PHOTO: DAO NGOC THACH
A Rolls Royce Phantom imported into Vietnam through Tan Son Nhat International Airport. Increasing imports of luxury cars under the names of repatriating Viet kieu have raised suspicion of tax evasion.
Last year, the arrival of a 2008 Bugatti Veyron, one of the world’s fastest cars, in Vietnam made headlines in the local media.
The car’s cost was US$800,000 and under Vietnamese law, used luxurious cars are subject to import taxes which can be higher than 100 percent of their value. If the law was applied in this case, the owner would end up paying more than $1.6 million for the car.
But the law also says cars are exempted from import and value-added taxes, if they are imported as used assets by overseas Vietnamese citizens who had moved back permanently to Vietnam.
Although the car’s arrival made headlines, there was not much more information reported, except that its owner was an overseas Vietnamese, Viet kieu, who had returned to settle down in Vietnam.
So the owner of the super fast car ended up paying no import duties, just a special consumption tax of around $480,000 (which meant he spent $1.28 million on the car).
The Bugatti Veyron is not the only luxurious car that has been imported by such immigrants in recent years, receiving several tax exemptions.
Vietnam is currently home to 70 Rolls-Royce cars, but only two of them were brought in by official importers (authorized car dealers or representatives of car makers). The rest were imported “unofficially,” by others, including repatriating overseas Vietnamese citizens.
According to the Vietnam Customs, in the first 11 months of last year, Viet kieu brought in over 70 cars as vehicles they had used abroad before returning to settle down in Vietnam. It was nearly six times the figure in 2010.
Ninety percent of these imported cars were luxurious products like Lexus, Porsche, BMW and Audi.
The increasing trend has prompted local agencies to start reviewing all vehicle imports made by repatriating Viet kieu, on suspicion that the imports are a ruse to import luxury cars into Vietnam without paying taxes for reselling at a profit.
Vietnam Customs said they are actually looking over the records of all “questionable” cars and motorbikes, and applying stricter checks on vehicles that are waiting for import permits.
Earlier, the agency received reports from customs divisions in Ho Chi Minh City, Hanoi and the southern province of Dong Nai saying many imports of cars by repatriating Viet kieu were suspicious.
According to the reports, the value of the imported cars which were almost new was much higher than their owners’ income. Also, the owners had returned to live in Vietnam shortly after they were granted permanent residence status in foreign countries.
Furthermore, the Viet kieu had registered their residences in localities other than their hometown in Vietnam.
Some 20 cars, mainly luxury brands, were brought into Vietnam through the Dong Nai Customs Agency last year, a local officer told Thanh Nien, adding that most of them were bought just one or two months before being sent to Vietnam.
The HCMC Customs Department said they had recently halted the import of four cars on similar suspicions.
Meanwhile, the Ministry of Public Security’s investigators have requested Vietnam Customs to provide them with documents relating to several dozens of cars allegedly smuggled in under the names of repatriating Viet kieu.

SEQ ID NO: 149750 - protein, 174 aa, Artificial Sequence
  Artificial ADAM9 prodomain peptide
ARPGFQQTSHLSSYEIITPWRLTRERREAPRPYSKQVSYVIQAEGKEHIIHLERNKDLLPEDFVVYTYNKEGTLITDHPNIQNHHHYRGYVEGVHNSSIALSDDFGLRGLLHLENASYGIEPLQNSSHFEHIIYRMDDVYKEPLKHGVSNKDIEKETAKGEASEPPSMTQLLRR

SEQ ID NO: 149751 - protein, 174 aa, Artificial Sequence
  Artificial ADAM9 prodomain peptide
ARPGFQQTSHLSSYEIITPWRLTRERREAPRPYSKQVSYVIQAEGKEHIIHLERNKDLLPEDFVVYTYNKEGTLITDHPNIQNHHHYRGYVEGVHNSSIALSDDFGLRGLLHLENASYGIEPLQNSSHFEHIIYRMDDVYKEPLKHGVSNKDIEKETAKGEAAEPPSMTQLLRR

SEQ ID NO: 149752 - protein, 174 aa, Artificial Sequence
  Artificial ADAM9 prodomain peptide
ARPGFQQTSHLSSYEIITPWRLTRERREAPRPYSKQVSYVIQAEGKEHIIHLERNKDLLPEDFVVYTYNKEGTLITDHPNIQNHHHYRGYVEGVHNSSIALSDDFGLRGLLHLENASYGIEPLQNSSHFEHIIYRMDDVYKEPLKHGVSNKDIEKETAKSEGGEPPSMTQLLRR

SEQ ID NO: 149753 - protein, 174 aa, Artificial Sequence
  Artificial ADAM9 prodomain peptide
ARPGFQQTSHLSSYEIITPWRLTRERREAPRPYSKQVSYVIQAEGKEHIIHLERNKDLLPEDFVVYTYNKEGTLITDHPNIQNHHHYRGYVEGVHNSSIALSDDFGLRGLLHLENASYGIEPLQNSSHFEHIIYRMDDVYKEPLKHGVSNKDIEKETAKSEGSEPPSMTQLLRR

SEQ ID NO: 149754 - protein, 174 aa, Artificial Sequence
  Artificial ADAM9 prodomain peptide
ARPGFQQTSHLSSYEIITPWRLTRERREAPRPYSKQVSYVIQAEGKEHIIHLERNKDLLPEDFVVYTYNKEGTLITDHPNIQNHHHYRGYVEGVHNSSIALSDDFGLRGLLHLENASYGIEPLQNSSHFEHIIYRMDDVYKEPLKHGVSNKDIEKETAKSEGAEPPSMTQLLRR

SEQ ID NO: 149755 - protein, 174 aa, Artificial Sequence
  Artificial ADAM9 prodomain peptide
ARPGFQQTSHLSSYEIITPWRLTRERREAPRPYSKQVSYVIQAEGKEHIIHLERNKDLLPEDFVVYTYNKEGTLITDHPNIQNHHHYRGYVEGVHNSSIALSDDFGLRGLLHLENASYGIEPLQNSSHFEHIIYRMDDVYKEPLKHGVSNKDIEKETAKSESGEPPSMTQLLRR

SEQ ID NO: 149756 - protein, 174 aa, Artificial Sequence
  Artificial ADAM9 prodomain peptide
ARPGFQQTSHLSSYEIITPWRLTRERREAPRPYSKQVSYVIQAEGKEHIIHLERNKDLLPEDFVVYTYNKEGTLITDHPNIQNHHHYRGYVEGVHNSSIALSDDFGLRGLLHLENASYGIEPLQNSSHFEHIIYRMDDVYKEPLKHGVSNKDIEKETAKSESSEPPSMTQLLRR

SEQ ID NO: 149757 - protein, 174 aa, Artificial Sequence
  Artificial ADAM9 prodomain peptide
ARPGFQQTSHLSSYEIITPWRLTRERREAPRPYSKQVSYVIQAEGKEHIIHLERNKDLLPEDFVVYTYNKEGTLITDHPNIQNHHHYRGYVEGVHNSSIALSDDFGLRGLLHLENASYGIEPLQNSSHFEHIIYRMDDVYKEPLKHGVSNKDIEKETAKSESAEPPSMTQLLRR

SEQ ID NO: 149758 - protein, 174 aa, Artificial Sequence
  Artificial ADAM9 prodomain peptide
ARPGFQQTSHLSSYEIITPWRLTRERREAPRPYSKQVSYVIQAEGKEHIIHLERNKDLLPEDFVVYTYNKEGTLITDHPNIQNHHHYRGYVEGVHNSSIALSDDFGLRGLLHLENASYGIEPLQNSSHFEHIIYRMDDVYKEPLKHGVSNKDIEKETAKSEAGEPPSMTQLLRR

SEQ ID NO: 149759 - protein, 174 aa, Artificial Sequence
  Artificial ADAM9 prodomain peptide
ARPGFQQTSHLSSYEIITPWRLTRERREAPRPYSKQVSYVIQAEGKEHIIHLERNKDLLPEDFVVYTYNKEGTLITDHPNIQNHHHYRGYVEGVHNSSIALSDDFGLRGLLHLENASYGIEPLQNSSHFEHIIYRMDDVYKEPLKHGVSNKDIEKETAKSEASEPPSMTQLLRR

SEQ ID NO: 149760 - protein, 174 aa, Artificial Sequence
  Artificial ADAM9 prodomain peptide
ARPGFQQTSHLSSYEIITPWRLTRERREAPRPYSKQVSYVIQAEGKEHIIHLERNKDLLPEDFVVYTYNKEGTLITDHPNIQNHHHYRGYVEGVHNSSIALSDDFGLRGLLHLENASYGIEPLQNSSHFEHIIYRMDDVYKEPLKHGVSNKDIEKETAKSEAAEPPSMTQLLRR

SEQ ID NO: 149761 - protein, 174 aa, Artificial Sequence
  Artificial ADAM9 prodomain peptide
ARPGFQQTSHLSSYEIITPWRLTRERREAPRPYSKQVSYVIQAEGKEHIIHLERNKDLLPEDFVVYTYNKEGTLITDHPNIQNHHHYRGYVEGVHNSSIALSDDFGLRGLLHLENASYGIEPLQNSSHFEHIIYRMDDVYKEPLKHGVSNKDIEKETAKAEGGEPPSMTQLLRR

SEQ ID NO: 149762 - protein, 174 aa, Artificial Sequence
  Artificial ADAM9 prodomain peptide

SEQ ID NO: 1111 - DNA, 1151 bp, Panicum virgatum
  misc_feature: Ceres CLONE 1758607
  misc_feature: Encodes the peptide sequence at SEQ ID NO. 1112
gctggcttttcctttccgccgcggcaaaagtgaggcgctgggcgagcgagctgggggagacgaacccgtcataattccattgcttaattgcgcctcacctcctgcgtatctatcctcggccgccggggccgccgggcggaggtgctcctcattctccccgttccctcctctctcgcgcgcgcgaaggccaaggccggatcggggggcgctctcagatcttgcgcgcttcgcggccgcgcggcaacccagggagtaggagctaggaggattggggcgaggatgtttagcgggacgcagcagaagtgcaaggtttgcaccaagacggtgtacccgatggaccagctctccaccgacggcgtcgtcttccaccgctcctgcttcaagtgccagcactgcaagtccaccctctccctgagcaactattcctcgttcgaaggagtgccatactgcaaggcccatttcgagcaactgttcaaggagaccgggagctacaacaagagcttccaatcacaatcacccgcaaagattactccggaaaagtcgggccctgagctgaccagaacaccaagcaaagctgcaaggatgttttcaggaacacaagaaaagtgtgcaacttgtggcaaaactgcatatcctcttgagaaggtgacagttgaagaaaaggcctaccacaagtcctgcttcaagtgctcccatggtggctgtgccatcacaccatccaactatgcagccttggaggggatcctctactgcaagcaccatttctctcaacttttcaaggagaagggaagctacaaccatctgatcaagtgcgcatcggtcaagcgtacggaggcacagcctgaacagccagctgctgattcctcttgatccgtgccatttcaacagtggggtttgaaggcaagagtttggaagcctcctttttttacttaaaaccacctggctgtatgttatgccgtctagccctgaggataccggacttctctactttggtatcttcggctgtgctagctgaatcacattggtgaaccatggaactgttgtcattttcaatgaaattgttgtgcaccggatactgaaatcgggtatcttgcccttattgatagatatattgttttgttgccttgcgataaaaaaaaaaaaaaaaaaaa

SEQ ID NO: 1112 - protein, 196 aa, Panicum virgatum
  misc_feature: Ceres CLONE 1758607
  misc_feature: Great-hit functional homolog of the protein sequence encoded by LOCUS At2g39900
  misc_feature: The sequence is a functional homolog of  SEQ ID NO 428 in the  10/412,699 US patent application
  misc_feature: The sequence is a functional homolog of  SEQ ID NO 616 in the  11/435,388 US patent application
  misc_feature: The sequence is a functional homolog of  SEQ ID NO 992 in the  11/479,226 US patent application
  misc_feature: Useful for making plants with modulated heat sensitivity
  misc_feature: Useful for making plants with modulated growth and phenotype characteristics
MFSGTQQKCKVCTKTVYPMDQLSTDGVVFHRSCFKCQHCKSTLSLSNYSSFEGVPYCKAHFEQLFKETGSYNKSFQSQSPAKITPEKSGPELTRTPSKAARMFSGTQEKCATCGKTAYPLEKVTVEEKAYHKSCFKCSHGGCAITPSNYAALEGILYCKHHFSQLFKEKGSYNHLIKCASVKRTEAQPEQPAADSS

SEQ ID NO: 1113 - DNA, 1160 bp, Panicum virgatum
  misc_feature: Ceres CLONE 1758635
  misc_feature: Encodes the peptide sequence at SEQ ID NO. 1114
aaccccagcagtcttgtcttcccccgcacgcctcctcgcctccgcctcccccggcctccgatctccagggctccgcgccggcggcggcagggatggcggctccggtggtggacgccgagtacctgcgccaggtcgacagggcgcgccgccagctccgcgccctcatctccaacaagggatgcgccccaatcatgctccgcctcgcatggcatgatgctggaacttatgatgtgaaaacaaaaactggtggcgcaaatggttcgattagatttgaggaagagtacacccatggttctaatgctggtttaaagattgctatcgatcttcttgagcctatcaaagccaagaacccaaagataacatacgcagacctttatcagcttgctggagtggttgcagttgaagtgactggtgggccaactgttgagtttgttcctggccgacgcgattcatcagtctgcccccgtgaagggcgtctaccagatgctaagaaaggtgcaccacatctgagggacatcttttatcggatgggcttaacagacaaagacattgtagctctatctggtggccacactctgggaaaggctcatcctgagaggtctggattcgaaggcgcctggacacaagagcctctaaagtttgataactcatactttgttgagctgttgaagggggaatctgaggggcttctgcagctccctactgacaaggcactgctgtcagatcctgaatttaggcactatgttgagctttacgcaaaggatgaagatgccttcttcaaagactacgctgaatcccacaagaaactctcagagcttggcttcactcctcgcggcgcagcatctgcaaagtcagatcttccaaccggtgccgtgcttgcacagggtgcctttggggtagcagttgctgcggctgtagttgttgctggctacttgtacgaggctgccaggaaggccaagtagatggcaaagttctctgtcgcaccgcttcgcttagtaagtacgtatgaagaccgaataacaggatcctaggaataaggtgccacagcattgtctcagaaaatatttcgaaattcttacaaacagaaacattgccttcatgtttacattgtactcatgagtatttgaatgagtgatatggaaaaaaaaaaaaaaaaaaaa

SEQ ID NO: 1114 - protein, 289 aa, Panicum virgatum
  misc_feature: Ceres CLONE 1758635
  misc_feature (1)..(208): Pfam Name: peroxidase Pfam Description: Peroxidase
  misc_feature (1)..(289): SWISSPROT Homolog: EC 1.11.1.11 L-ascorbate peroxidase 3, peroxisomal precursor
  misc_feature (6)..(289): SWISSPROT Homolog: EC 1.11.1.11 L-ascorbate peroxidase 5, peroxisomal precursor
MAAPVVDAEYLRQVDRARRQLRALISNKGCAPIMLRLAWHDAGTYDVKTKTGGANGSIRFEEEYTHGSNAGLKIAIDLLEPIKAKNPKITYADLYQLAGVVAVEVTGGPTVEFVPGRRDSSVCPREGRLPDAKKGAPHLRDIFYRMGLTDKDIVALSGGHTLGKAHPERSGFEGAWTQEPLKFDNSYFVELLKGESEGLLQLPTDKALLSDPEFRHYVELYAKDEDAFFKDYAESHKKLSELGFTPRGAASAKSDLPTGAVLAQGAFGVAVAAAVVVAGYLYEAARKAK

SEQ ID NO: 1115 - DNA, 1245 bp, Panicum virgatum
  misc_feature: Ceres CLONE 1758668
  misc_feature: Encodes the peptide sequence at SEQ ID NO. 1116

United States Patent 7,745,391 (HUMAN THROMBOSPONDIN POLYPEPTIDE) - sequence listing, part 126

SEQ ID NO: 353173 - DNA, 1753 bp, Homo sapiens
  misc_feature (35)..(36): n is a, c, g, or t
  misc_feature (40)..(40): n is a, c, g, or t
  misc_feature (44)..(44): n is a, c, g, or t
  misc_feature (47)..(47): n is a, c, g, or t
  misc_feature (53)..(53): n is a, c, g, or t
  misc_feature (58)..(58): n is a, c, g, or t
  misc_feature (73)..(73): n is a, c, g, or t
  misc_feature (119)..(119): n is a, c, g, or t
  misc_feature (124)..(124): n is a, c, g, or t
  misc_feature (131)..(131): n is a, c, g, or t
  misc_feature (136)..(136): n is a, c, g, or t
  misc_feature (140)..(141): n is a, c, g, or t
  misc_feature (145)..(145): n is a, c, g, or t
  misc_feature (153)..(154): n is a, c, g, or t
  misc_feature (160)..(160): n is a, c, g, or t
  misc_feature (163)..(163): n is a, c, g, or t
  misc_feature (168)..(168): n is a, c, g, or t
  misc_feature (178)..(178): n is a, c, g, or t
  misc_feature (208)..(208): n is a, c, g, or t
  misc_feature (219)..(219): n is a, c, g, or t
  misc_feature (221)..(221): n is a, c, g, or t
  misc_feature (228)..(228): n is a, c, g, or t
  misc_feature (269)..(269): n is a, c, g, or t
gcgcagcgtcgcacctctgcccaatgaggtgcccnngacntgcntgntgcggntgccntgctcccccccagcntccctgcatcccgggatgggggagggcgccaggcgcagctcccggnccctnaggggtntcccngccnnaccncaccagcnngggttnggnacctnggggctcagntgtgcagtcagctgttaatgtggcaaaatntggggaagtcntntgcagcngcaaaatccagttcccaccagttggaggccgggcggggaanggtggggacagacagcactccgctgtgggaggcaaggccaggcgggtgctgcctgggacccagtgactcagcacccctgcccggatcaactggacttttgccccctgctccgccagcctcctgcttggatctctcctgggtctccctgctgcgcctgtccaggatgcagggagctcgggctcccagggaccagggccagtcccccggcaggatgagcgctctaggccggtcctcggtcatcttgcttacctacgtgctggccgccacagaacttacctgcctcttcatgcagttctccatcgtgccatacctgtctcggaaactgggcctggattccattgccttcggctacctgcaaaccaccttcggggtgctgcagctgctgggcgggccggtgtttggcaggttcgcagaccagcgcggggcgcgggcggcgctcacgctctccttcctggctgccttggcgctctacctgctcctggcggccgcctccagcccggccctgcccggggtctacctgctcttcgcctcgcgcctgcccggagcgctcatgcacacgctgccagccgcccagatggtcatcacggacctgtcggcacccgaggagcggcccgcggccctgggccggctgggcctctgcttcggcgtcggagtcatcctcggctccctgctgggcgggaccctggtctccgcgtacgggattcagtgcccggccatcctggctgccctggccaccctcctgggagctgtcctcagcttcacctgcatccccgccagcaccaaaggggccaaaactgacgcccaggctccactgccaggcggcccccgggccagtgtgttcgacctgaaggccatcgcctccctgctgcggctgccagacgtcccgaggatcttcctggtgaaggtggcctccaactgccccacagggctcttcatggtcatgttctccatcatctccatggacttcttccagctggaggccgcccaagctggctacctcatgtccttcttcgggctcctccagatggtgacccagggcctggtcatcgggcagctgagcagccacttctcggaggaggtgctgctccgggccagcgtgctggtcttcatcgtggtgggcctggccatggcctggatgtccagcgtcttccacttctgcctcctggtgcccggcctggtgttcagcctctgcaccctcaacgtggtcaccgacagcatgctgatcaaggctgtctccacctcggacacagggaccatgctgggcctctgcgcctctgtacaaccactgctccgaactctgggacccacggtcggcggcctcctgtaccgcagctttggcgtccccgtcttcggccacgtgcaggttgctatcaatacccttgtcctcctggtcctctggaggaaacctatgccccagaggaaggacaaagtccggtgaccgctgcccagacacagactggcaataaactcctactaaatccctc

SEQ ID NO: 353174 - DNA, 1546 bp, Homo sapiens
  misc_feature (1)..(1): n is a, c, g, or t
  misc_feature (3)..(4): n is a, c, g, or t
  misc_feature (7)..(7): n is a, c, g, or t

The ministry has also ordered police departments across the country to review all vehicle imports by Viet kieu residents.
A source told Thanh Nien that inspectors are investigating a ring that paid Viet kieu tens of thousands of dollars to import cars into Vietnam.
A woman who runs a nail shop in Portland, Oregon, the US, told Thanh Nien that she was once offered $8,000 to import a car into Vietnam, and move to live in her home country for four weeks until the car was brought in “safely.” She refused after hearing that local police are investigating such cases.
An employee of a car trader, who did not want to be named, said that under current laws, each repatriating Viet kieu is allowed to import one car, but since Vietnam has five ports, some have registered their permanent residence in five different places to bring in five cars.
This “trick” was possible because local governments do not scrutinize permanent residence registrations very closely, he said.
He said that as of now, only four car manufacturers have their official representatives in Vietnam – Audi, BMW, Mercedes-Benz and Land Rovers, so other luxury cars must have been imported into Vietnam “unofficially,” or even smuggled.
With each car imported in such “unofficial” ways, Vietnam must be losing tens or even hundreds of thousands of dollars in taxes, he said
A Vietnam Customs official, who also spoke on condition of anonymity, said although the law says that repatriating Viet kieu can only enjoy the tax exemption when importing used vehicles, there is no “proper” definition of what used vehicles are.
This has allowed Viet kieu to register the cars abroad just months before they are imported and to “adjust” the odometers to show that they have been already used, he said.
However, a car dealer told Thanh Nien that the meter trick is quite “simple,” but it cannot deceive quality inspections.
Furthermore, any imported car has to be scanned by customs and the Vietnam Register, the national vehicle quality inspection agency, so the conversion of a new car into a used one is only possible when related parties join hands, he added.
An official with the Department of Road Traffic Police under the Ministry of Public Security said they have discovered several cases in which vehicles were totally new, but customs agencies had still allowed them to be imported as used ones.
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By Thanh Nien Staff, Thanh Nien News (The story can be found in the March 1 issue of our print edition, Vietweek)